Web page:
If it means to save Palestine by means of diplomacy, the odds aren’t much better. Egypt and Jordan long ago concluded that further struggle against Israel served only to destabilize themselves; their peace treaties remove the strongest diplomatic pressure points the League has.
Of the other major members, only Saudi Arabia has some diplomatic pull, leading as it does the far more effective Gulf Cooperation Council (GCC) of Persian Gulf states. Virtually everyone else is too far away or too weak to make any difference: North Africa’s states are too far away, while nearby Syria and Lebanon are obviously too dysfunctional to matter.
If the Arab League exists to prepare the Arab world for economic and political unification, that’s equally a dead letter. Pan-Arabism officially died after the Gulf War in 1991: when it suits them, Arab states war with one another. Even now Saudi Arabia, the UAE, and Qatar are using Libya as an ideological proving ground, while Saudi Arabia’s war on its fellow Arabs in Yemen reveals further splits.
Syria, of course, has long since cannibalized itself, while attempts to bring new blood into the far more effective GCC in 2011 by adding Morocco and Jordan failed. Arab unity, in other words, is fiction: Iraqi interests are far removed from Oman’s, who has almost nothing in common with Algeria.
But if it does nothing, what’s the harm?
Primarily, the Arab League has given the political impression of unity while sweeping real problems under the rug. It has forestalled Arab political development by appearing to be active, while it has disenchanted Arab citizens with their own governments. Every failure of the Arab League is a failure of the Arab world writ large, further undermining fragile states. States, after all, don’t collapse when people believe in them.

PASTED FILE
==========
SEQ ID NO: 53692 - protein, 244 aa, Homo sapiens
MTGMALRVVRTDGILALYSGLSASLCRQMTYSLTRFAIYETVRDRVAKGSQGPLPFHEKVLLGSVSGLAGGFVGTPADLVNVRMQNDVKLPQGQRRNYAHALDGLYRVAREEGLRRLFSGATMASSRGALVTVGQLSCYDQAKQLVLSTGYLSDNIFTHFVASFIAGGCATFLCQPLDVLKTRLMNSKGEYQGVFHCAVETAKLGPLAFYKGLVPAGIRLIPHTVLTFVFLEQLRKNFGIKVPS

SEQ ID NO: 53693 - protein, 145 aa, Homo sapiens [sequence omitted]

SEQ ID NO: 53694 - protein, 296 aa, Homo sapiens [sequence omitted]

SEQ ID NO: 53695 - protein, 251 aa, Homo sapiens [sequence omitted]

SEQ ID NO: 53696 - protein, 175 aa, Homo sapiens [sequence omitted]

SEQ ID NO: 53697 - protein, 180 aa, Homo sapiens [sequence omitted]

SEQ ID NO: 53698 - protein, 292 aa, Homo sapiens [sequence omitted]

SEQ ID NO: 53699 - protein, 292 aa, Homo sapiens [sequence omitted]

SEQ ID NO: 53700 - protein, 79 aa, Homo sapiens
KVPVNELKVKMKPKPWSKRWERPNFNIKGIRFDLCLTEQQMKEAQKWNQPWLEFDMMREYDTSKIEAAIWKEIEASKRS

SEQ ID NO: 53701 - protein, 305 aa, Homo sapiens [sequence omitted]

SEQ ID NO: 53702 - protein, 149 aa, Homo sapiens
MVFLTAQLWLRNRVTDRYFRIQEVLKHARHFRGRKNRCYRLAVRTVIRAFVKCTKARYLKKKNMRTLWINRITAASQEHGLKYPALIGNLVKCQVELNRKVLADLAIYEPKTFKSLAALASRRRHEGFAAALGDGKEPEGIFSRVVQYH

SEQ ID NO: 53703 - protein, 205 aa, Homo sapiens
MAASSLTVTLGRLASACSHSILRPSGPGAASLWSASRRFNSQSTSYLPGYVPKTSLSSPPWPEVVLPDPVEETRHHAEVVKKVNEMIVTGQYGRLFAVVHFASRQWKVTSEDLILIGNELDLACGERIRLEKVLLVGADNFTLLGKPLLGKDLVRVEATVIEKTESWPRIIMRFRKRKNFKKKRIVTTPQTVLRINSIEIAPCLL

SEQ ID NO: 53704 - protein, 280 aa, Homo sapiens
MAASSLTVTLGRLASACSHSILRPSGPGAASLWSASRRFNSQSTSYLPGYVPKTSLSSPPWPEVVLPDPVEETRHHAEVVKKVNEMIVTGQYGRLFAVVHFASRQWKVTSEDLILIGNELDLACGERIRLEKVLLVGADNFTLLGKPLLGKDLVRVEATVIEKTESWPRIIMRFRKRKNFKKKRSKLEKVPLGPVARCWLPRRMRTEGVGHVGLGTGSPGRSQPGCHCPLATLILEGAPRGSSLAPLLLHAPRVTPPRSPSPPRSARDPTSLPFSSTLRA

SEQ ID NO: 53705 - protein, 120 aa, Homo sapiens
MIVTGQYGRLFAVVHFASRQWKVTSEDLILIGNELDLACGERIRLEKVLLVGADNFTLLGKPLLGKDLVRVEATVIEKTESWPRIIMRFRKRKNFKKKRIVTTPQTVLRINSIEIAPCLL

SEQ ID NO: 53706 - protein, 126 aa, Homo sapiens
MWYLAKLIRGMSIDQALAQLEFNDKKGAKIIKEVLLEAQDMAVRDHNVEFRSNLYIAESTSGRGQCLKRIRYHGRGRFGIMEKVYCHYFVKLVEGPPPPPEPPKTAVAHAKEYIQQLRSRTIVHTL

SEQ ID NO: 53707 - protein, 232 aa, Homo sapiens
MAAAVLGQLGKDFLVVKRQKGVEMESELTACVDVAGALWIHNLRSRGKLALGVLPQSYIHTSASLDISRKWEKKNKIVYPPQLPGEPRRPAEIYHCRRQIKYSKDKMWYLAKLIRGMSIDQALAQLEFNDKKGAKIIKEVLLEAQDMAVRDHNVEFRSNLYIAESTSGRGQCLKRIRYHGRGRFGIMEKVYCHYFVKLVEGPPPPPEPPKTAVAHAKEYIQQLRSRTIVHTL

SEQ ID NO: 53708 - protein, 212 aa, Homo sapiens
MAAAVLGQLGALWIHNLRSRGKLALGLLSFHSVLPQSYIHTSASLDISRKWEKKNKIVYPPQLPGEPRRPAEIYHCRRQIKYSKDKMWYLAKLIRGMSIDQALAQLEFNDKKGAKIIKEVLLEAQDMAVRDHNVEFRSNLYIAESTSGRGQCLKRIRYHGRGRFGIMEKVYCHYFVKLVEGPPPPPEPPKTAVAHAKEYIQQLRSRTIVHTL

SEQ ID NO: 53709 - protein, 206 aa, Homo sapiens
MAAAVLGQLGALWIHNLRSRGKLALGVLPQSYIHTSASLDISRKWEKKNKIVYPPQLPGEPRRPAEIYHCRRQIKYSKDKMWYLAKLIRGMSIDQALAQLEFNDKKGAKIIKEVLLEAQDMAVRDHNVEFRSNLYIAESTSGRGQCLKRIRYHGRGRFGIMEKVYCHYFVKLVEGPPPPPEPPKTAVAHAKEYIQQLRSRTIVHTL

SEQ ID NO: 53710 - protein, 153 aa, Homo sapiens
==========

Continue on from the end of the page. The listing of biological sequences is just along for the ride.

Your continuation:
Lost in the propaganda of the League are real solutions and real conversations that must happen if the Arab world is to overcome its many challenges. The Arab world must establish a new relationship between mosque and state; it must come to terms with both Iran and Israel; it must decide a pace for political modernization that each country can handle. None of that is happening when the League gathers to dust off old slogans and pointless rhetoric.
But to replace it with what? To this, we should look at the United Arab Emirates and the Gulf Cooperation Council as political models.
The former is the only successful Arab federation in history: it has united seven royal families under one dominant, central leader in Abu Dhabi. The factors that led up to it should point to further successful integration of Arab states.